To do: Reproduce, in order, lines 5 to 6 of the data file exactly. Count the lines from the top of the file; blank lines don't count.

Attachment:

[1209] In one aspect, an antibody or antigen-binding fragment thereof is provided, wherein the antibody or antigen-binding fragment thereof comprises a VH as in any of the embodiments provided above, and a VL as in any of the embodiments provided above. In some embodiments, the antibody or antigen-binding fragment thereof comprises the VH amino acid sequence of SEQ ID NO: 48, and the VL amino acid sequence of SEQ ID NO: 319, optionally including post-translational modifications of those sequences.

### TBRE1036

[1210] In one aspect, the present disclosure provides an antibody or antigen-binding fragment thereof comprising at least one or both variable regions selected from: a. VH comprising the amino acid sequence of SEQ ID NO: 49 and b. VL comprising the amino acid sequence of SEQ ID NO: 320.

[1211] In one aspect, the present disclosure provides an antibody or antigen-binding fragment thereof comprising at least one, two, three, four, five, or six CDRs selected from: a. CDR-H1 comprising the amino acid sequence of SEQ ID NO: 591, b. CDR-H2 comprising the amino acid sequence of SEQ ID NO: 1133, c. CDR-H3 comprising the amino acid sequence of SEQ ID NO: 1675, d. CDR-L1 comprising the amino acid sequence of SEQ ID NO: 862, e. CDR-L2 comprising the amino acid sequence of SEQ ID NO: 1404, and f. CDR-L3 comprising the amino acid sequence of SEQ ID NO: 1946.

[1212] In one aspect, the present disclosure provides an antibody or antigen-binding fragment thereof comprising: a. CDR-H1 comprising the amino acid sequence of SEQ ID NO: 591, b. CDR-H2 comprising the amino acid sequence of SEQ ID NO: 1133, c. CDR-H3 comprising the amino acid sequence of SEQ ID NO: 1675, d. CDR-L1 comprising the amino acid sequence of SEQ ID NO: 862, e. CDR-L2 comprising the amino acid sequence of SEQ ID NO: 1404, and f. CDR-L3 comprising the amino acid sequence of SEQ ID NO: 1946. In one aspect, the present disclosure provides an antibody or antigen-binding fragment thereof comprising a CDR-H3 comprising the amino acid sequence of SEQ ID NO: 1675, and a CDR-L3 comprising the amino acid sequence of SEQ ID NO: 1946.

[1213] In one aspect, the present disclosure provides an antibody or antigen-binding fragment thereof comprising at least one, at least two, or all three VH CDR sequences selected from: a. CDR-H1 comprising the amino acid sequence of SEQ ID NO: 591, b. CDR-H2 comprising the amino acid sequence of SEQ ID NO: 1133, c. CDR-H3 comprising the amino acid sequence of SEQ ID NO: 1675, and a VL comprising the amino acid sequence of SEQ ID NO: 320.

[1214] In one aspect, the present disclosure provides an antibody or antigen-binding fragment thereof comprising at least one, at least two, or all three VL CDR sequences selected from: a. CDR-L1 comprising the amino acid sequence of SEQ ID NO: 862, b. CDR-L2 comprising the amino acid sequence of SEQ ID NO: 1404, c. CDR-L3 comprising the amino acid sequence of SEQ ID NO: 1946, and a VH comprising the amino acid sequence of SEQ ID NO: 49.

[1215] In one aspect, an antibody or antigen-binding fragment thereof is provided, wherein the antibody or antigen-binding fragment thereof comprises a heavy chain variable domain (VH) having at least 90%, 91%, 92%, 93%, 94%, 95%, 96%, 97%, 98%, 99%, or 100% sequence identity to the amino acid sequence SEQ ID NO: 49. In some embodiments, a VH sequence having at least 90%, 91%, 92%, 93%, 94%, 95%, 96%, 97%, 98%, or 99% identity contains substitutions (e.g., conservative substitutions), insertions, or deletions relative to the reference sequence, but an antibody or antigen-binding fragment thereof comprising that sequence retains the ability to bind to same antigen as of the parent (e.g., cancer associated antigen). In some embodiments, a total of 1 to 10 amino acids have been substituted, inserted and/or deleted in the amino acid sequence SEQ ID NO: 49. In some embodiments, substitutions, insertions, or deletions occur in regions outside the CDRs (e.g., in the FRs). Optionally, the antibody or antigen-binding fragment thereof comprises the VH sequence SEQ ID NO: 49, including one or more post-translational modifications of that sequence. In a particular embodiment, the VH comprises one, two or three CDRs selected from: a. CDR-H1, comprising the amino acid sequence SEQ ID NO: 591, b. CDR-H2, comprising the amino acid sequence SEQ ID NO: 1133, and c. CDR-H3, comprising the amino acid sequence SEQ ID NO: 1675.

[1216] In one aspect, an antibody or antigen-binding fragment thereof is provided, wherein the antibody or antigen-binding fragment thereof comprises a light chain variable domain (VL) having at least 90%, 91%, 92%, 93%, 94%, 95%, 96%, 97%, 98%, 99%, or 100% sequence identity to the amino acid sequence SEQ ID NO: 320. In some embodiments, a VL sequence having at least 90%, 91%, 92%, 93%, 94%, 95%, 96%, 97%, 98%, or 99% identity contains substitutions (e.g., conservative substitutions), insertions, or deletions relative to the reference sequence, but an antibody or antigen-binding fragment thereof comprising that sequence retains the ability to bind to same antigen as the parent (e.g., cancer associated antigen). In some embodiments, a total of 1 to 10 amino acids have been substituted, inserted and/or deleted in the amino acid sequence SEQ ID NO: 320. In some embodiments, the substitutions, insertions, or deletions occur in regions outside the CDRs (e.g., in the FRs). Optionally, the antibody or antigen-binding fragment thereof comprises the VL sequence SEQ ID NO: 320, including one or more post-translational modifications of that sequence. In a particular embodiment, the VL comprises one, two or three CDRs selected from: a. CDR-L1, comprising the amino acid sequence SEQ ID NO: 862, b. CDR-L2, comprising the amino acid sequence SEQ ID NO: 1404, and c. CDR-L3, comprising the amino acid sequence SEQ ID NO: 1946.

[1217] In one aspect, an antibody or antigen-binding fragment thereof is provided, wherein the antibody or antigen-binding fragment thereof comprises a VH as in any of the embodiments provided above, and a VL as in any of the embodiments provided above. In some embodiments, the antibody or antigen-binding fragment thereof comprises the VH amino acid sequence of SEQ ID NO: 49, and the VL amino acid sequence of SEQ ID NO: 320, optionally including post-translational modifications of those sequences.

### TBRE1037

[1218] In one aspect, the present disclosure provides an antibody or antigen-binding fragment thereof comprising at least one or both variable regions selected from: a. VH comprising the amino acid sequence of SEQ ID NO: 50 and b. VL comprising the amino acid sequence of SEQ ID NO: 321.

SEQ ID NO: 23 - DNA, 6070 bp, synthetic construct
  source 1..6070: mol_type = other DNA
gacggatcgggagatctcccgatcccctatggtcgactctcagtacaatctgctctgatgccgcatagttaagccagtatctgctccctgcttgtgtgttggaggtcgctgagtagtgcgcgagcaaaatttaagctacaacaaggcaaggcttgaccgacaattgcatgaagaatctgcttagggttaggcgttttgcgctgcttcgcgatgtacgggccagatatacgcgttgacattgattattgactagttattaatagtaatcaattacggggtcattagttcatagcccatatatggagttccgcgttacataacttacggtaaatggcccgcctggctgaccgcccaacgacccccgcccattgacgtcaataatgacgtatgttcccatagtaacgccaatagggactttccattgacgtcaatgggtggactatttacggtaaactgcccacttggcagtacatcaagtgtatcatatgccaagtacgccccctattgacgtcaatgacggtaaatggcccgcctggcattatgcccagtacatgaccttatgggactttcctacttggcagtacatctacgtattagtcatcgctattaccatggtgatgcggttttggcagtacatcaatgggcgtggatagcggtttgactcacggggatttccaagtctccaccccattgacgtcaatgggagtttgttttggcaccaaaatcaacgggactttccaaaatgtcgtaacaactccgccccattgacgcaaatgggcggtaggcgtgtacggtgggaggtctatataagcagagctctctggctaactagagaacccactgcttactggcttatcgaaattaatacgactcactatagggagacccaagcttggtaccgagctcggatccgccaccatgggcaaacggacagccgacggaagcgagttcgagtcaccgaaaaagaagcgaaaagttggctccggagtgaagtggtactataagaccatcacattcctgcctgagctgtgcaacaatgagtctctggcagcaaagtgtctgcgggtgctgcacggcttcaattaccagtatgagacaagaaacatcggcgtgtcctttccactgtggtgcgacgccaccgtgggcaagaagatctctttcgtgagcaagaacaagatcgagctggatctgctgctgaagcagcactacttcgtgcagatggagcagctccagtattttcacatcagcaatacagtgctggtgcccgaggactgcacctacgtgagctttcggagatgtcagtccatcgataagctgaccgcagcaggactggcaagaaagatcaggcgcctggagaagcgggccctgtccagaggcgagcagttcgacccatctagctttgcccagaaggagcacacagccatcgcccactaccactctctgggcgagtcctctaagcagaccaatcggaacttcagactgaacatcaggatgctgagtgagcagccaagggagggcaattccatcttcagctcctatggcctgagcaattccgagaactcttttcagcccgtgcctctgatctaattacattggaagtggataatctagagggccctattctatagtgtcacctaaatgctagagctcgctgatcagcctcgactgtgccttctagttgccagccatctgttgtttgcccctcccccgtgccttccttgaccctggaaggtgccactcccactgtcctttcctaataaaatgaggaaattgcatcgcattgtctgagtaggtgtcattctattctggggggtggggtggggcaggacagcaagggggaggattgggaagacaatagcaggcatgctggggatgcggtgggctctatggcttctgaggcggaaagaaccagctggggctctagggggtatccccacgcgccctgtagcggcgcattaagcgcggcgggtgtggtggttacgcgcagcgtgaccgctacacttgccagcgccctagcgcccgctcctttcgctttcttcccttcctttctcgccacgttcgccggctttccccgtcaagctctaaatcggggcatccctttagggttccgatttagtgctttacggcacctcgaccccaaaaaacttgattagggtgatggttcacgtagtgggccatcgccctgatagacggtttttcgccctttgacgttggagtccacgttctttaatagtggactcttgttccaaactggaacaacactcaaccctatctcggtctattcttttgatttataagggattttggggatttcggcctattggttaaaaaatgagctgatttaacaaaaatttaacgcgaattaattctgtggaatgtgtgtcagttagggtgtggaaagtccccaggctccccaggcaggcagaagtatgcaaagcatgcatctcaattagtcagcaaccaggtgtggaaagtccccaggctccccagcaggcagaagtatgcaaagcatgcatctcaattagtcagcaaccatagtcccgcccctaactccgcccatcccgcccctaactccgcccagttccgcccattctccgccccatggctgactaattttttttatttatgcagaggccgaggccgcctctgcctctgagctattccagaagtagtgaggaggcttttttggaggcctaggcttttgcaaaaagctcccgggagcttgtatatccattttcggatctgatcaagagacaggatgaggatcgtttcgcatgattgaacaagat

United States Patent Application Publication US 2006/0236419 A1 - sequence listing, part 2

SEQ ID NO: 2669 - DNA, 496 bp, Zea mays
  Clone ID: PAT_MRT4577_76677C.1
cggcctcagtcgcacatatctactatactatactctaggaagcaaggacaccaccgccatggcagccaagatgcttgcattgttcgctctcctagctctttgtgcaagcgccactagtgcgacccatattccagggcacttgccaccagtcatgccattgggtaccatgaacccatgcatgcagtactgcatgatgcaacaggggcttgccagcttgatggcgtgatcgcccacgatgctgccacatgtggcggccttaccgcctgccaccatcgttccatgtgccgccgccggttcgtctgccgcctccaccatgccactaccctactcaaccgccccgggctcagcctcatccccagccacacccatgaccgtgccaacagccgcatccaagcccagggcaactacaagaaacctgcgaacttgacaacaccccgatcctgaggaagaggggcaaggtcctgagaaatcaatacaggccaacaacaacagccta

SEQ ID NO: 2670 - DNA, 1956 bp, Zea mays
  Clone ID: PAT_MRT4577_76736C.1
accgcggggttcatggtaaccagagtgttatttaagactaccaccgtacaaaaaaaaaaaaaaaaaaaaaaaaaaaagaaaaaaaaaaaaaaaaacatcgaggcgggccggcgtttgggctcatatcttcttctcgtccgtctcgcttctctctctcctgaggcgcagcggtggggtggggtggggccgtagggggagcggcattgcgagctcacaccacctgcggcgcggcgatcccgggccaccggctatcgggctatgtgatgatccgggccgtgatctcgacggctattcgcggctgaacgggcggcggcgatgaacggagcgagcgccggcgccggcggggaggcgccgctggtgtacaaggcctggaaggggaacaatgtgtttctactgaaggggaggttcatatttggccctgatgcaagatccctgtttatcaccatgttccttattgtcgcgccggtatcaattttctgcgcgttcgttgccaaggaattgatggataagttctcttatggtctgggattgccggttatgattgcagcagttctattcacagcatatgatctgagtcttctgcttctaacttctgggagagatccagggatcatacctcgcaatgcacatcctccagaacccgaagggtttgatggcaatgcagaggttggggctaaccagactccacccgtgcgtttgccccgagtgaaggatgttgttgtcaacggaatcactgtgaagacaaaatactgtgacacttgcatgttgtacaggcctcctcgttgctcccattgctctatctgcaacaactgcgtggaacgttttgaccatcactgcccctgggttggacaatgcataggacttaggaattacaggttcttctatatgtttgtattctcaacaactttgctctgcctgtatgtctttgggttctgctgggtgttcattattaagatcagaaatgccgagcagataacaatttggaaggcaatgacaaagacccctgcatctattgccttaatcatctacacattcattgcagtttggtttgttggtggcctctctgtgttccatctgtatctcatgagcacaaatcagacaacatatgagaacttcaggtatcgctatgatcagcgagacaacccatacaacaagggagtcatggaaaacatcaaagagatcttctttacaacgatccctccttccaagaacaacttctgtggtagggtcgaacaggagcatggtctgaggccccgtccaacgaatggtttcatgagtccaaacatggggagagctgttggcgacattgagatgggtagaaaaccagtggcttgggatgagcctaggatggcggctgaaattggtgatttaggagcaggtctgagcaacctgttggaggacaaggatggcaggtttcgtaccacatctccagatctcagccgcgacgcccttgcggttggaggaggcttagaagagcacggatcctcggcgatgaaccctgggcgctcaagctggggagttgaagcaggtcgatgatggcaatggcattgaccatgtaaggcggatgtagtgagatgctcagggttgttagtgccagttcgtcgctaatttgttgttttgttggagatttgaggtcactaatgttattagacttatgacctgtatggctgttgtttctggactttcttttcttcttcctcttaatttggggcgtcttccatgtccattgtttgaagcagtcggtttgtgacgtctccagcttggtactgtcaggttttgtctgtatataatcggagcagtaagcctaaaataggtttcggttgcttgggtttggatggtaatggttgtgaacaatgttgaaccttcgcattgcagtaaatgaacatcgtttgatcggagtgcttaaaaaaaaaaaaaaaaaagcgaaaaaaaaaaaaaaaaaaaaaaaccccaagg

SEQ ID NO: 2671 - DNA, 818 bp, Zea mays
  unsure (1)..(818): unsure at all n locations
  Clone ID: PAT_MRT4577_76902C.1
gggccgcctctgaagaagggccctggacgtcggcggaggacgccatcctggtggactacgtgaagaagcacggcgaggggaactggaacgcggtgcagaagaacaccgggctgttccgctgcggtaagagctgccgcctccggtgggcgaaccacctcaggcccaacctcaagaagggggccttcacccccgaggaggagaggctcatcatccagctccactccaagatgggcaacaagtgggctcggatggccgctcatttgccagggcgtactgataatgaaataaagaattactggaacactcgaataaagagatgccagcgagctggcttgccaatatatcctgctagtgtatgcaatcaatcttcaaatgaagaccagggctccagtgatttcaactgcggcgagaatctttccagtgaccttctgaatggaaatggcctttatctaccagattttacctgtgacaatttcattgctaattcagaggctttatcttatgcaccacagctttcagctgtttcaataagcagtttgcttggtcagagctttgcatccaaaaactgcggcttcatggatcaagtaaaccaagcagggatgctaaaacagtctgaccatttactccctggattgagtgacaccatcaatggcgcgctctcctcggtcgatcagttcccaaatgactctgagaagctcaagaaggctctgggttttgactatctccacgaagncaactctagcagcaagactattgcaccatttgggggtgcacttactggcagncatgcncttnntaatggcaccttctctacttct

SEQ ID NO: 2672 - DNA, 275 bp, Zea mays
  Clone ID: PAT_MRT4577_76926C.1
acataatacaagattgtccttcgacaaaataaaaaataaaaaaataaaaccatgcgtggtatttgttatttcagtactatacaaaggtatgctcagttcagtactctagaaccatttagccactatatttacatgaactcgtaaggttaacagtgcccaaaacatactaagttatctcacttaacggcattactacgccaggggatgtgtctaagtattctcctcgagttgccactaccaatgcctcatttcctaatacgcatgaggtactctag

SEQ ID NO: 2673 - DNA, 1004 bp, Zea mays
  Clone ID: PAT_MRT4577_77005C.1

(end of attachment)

[1212] In one aspect, the present disclosure provides an antibody or antigen-binding fragment thereof comprising: a. CDR-H1 comprising the amino acid sequence of SEQ ID NO: 591, b. CDR-H2 comprising the amino acid sequence of SEQ ID NO: 1133, c. CDR-H3 comprising the amino acid sequence of SEQ ID NO: 1675, d. CDR-L1 comprising the amino acid sequence of SEQ ID NO: 862, e. CDR-L2 comprising the amino acid sequence of SEQ ID NO: 1404, and f. CDR-L3 comprising the amino acid sequence of SEQ ID NO: 1946. In one aspect, the present disclosure provides an antibody or antigen-binding fragment thereof comprising a CDR-H3 comprising the amino acid sequence of SEQ ID NO: 1675, and a CDR-L3 comprising the amino acid sequence of SEQ ID NO: 1946.

[1213] In one aspect, the present disclosure provides an antibody or antigen-binding fragment thereof comprising at least one, at least two, or all three VH CDR sequences selected from: a. CDR-H1 comprising the amino acid sequence of SEQ ID NO: 591, b. CDR-H2 comprising the amino acid sequence of SEQ ID NO: 1133, c. CDR-H3 comprising the amino acid sequence of SEQ ID NO: 1675, and a VL comprising the amino acid sequence of SEQ ID NO: 320.